DAFT thanks Roger Smith (Lake Orion HS) and the Michigan Scholastic Press Association for its assistance in clarifying for students and teachers the proper guidelines for copyright material, particularly songs and images. (See MIPA's page at this link.)
"Photos, art and other such visuals plus various forms of music—on the Internet and elsewhere—are copyrighted, even if they don’t include the copyright character, “©” and the owner’s name. Getting the owner’s permission to use such materials is important unless the material qualifies as Fair Use or is in the public domain.
Audio or visuals as part of a broadcast entered for competition should include a statement certifying it is original student work, used with written permission or is believed to fall under fair use in copyright law. Fair Use refers to the ability to print or broadcast materials that are copyrighted based on four factors:
- Purpose and character of use (i.e. non-commercial use like news reporting, teaching or reviewing);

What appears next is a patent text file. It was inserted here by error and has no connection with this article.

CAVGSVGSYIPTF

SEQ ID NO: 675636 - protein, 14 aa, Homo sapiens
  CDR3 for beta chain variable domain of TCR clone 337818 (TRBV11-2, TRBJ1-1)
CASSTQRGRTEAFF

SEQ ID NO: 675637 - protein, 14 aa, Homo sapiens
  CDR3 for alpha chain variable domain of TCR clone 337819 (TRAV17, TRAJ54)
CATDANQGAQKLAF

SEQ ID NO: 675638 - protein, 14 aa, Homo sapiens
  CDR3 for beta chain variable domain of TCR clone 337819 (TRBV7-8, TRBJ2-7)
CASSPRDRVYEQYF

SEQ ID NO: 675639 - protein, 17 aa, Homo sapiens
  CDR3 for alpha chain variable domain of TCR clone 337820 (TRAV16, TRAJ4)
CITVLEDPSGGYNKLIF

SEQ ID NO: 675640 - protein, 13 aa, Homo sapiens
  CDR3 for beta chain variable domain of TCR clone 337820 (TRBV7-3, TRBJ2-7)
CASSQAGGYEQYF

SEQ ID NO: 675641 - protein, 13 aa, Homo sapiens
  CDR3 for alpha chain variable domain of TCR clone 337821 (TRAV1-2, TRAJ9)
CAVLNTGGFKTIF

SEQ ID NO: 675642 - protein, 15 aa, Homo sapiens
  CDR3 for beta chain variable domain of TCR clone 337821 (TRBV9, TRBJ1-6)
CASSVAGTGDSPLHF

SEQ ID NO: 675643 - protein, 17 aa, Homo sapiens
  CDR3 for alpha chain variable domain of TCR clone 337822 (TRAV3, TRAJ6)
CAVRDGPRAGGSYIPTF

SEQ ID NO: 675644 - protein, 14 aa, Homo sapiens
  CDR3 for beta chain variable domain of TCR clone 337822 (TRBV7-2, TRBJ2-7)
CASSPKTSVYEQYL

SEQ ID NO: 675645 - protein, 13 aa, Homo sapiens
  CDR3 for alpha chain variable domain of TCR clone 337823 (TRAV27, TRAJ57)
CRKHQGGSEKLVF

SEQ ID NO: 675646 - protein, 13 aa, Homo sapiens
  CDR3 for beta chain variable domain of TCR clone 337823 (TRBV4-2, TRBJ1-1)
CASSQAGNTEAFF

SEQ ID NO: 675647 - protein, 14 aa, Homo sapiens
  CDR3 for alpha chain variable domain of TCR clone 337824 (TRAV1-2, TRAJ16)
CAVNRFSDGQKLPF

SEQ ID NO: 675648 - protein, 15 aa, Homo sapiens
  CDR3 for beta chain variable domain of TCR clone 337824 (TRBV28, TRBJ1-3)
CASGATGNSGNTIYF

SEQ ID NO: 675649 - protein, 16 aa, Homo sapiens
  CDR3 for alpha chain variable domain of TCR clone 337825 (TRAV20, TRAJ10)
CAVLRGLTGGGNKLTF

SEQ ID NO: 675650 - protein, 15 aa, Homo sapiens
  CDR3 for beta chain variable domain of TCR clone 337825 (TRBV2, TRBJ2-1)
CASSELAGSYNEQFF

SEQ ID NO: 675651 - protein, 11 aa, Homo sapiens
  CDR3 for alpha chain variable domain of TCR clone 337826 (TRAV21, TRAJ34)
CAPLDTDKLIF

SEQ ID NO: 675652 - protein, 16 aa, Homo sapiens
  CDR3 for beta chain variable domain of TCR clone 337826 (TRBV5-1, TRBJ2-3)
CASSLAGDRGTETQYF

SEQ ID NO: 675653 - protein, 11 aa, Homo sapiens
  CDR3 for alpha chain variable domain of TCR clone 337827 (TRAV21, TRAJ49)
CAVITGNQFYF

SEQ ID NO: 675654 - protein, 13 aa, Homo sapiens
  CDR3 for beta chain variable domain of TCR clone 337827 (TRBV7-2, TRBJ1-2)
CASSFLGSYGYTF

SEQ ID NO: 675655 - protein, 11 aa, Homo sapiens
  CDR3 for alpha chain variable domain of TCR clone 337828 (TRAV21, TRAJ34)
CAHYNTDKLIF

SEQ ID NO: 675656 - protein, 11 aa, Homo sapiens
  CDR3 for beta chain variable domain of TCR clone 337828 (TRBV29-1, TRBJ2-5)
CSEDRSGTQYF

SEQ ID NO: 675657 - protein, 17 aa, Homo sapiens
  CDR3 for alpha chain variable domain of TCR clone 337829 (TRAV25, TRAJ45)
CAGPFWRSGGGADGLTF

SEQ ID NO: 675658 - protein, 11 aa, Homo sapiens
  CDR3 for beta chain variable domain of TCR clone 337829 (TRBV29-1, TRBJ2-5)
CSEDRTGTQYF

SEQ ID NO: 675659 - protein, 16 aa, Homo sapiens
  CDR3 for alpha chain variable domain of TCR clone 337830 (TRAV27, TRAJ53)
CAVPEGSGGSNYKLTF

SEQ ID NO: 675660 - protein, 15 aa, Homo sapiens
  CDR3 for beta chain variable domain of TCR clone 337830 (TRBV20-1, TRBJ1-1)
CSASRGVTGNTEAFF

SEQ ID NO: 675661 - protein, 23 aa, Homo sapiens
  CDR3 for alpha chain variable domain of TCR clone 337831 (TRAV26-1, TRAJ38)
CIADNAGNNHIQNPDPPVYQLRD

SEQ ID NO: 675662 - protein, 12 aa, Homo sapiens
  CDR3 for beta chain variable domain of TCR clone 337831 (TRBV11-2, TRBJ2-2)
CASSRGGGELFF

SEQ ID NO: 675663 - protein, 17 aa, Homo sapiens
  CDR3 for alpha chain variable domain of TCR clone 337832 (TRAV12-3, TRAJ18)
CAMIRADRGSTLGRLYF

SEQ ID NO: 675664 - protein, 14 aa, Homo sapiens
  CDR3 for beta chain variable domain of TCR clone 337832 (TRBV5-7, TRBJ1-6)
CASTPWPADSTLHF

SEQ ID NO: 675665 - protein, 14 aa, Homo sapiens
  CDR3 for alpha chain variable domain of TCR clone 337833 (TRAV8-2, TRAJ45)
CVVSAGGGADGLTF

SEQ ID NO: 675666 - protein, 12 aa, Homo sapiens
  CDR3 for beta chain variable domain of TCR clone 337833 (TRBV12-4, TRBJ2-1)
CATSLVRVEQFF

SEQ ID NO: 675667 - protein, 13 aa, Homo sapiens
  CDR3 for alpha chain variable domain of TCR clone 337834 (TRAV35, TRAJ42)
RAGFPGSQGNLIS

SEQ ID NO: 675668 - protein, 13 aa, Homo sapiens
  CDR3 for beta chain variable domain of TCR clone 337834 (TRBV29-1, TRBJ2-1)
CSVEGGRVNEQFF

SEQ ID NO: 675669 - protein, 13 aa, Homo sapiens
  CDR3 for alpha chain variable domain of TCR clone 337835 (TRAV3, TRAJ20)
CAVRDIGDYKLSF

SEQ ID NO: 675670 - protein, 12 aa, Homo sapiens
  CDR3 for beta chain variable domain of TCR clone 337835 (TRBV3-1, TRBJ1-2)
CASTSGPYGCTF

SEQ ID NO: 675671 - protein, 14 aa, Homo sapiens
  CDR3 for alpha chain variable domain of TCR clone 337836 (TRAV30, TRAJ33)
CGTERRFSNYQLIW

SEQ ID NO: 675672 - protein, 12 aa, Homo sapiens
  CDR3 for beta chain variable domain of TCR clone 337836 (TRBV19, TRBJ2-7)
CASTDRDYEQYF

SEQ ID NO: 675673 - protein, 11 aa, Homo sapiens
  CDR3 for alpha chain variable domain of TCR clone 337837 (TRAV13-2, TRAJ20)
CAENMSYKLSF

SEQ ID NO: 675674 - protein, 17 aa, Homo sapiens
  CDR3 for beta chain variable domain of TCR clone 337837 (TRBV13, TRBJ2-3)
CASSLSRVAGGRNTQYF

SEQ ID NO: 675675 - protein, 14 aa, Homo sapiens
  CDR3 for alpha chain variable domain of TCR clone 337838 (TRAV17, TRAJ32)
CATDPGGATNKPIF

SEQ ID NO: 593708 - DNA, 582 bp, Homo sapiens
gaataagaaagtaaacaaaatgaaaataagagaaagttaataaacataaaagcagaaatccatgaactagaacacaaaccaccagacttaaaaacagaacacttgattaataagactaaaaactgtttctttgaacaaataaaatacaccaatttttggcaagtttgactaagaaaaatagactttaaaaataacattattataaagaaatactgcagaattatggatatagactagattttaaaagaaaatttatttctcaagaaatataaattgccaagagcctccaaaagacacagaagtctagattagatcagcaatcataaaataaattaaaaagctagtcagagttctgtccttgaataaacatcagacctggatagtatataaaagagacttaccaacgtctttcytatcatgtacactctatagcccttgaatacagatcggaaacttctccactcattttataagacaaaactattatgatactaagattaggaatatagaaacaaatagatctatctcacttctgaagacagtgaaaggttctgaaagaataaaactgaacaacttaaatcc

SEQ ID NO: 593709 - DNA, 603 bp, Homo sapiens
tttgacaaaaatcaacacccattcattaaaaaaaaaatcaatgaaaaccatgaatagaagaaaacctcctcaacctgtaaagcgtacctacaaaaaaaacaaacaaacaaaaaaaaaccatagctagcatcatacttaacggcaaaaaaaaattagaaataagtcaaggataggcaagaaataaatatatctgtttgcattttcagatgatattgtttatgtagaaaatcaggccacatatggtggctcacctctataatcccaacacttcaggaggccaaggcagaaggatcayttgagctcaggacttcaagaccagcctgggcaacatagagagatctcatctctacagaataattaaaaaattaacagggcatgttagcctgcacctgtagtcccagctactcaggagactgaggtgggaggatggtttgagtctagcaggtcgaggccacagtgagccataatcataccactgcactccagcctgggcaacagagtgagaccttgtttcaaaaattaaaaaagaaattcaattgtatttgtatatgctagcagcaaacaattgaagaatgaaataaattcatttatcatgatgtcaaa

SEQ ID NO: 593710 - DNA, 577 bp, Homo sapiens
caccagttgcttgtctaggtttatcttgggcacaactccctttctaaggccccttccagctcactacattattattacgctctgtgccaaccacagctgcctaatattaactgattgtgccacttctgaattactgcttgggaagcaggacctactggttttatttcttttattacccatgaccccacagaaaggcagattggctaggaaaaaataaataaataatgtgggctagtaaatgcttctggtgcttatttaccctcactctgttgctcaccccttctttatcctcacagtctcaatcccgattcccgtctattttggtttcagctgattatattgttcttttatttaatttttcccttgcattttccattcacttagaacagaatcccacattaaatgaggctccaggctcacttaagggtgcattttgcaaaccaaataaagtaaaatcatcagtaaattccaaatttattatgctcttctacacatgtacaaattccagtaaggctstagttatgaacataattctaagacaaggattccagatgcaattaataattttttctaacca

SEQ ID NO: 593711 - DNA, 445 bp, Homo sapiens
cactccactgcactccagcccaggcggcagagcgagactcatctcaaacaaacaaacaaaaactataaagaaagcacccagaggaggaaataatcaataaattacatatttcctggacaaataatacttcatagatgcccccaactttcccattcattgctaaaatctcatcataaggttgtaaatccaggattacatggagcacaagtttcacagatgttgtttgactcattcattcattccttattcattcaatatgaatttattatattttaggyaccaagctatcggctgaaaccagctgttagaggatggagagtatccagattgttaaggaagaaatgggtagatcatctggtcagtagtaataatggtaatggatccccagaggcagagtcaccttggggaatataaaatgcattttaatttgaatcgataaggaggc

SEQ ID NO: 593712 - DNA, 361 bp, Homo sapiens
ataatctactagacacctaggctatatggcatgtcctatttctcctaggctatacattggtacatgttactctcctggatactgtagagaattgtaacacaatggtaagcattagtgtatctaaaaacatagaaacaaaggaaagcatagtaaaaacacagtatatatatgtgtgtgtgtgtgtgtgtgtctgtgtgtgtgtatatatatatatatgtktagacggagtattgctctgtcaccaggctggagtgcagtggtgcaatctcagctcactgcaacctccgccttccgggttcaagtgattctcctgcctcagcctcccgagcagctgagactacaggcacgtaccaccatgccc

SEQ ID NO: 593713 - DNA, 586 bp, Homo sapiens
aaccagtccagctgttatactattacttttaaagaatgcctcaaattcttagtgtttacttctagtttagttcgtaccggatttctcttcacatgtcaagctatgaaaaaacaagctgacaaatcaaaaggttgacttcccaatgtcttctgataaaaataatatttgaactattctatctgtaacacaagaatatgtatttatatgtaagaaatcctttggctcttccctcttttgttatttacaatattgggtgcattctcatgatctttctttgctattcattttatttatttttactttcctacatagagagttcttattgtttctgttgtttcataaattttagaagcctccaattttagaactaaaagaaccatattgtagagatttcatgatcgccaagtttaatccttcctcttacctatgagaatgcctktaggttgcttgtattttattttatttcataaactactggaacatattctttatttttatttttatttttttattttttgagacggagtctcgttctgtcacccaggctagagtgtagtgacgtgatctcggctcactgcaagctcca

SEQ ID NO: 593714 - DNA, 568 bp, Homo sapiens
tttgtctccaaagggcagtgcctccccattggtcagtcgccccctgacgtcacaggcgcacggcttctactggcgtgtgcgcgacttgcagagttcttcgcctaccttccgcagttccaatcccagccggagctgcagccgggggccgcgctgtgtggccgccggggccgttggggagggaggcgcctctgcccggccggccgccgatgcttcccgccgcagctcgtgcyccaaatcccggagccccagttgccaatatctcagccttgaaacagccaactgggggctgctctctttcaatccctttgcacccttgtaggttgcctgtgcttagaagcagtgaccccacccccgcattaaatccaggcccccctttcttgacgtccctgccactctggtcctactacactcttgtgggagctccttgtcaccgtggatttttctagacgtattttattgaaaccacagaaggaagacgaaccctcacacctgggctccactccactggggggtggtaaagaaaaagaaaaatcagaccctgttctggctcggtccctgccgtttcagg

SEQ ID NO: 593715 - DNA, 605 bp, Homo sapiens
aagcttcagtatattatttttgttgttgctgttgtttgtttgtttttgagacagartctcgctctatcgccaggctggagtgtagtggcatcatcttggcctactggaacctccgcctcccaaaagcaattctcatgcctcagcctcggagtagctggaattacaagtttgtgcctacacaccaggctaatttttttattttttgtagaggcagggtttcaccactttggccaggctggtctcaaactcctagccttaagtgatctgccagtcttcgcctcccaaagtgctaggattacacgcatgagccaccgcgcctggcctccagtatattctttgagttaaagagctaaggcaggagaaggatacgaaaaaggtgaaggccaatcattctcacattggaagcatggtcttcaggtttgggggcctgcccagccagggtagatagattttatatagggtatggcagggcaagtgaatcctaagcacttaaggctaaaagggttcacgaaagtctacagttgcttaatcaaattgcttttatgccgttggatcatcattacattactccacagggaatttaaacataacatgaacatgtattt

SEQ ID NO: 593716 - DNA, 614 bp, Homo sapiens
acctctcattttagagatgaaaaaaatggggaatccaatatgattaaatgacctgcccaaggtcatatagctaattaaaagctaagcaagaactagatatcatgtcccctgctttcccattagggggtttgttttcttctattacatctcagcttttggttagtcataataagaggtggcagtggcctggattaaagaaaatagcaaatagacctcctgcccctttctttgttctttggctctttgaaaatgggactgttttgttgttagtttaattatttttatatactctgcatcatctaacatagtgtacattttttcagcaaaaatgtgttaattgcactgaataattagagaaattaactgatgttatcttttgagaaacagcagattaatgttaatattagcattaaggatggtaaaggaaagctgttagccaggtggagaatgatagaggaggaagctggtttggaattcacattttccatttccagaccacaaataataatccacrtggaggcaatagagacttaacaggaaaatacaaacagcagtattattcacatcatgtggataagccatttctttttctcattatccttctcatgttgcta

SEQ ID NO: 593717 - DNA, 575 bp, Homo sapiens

- Nature of the work (e.g. factual work is more likely to fall under fair use than creative work, and published works are more likely to be used fairly than unpublished works);
- How much is used (i.e. looking at both quantity and quality of what is used;NOTE: There is no law stating music of less than 30 seconds is permissible to use.);
- Effect of the use on commercial value of the original.
Use of apparently copyrighted materials without permission or a fair use argument as explained on the entry (e.g. photos from CNN.com or google.com or an artist’s soundtrack) will result in disqualification of the entry."